Mercantilism, this theory was developed during the 19th century and it is regarded as the earliest effort to develop economic theory whereby by the country’s wealth is determined by the accumulation of gold and silver (bullions) [6]. The sublime about this point is basically, the country increasing holdings of gold and silver was targeted to promote export and discouraging the importation of goods and services. In other word, however, the nations concentrated on making sure that the export exceeding the import to gain trade surplus and avoid the import exceeding the export which could result in trade deficit [7]. Historically, during the 16th to 19th century whereby the world have witnessed the rise of some nations upon which their rulers were keen to expand their armies and build strong institutions. Therefore, the rulers were able to accumulate large amount of gold and silver following the trade export and the most common way to promote trade export was to discourage import by using what was known as protectionism strategy which is still relevant today. While that is in mind, the nations increased their wealth through their colonies a classic example in that of British Empire which acquired a great share of colonies around the world [8]. Although the mercantilism considered being one of the oldest theories, it still remains in our modern thinking whereby countries such as Japan, German, Singapore and Taiwan favour the exports and discourage the imports by adopting what is known as the neo-mercantilism by promoting protectionist policies by subsidizing their firms. Moreover, nearly every country adopts protectionism strategy in one way or another to protect key industries in the economy [9]. However, while the country adopt this strategy other industries as well as the consumers are affected as the protectionism policy leading to high tax to imported products and services and eventually the price soar up.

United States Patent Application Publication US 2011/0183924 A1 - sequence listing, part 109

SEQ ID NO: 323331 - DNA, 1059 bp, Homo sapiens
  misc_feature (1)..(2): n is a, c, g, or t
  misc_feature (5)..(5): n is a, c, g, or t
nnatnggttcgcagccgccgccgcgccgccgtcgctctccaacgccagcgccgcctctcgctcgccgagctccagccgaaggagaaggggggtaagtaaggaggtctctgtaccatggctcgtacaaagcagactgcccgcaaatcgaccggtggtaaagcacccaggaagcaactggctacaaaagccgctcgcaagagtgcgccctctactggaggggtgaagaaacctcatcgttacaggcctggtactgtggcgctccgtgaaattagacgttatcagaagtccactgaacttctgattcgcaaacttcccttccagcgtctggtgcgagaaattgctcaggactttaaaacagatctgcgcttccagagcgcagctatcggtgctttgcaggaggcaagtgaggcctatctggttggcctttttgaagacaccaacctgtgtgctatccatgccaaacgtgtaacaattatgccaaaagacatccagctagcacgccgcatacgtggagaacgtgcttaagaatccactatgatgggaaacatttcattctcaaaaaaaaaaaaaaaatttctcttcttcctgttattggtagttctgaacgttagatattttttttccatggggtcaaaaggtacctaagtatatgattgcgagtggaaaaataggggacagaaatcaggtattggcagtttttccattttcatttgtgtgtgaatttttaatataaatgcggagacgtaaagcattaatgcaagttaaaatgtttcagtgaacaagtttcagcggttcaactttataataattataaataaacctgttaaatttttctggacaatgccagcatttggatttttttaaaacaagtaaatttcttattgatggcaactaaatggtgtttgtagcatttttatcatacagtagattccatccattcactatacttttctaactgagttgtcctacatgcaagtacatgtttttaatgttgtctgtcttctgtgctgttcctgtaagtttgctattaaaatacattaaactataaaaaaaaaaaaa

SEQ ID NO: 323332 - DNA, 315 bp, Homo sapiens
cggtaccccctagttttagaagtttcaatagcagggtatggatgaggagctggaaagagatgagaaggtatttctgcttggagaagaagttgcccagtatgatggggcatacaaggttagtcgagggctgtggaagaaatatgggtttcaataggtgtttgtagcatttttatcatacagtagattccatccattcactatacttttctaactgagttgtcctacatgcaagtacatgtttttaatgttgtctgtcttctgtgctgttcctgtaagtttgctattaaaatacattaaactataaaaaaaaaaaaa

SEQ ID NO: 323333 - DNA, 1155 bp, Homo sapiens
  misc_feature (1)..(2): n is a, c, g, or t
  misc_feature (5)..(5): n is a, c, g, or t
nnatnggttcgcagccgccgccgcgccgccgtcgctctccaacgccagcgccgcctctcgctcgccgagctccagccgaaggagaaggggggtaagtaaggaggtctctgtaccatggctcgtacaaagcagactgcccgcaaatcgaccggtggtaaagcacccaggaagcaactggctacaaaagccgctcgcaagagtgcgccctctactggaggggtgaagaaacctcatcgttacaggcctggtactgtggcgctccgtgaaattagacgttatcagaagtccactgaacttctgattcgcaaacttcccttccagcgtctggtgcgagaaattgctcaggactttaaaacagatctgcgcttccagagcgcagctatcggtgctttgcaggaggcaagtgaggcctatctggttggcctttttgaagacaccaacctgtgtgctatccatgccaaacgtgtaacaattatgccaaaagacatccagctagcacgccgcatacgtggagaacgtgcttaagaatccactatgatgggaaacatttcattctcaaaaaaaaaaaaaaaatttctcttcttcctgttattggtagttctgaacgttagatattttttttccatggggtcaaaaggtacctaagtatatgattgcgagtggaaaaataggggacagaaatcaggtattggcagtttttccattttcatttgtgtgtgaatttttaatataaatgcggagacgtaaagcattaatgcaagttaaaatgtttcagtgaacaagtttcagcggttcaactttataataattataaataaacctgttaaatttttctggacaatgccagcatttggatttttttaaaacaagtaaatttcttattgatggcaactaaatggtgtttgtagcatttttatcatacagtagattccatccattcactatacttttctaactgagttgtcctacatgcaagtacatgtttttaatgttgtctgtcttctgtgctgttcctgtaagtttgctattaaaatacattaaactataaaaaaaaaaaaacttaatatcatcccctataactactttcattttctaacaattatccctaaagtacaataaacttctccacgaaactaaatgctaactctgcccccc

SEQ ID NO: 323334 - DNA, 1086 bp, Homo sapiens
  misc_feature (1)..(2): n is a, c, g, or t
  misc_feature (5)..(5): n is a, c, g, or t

Absolute Advantage

Very remarkably, during the 1776 in his popular book Adam Smith (The British economist) questioned the leading mercantile theory evolved over time in his book “The Wealth of a Nation” in which a recent version has been edited by some scholars and economist and come up which new theory known as absolute advantage which emphasis on nation’s efficiency to producing goods and services than another nation [10]. The writer argues that, the national trade should not be regulated or restricted by government policy and interventions but rather the natural flow according to the market force. He noted that, if country A could potentially produce cheaper and faster than country B then the country A has the advantage than country B and could focus on specialising on that good and services [11-13]. Similarly, if country B is better in producing certain good it should be specialising on that good as well [14,15]. He believes that, by specialization the country would generate efficiency as the labour force would become more skilled by doing similar tasks. The Smith theory agrees with the fact that, increased efficiency people from both countries would be benefited and the trade would be increasingly encouraged. In his theory, the writer argue that, the wealth of a nation should not be judged based on how much gold and silver has been accumulated but rather how the living standard of people has been improved.

Comparative Advantage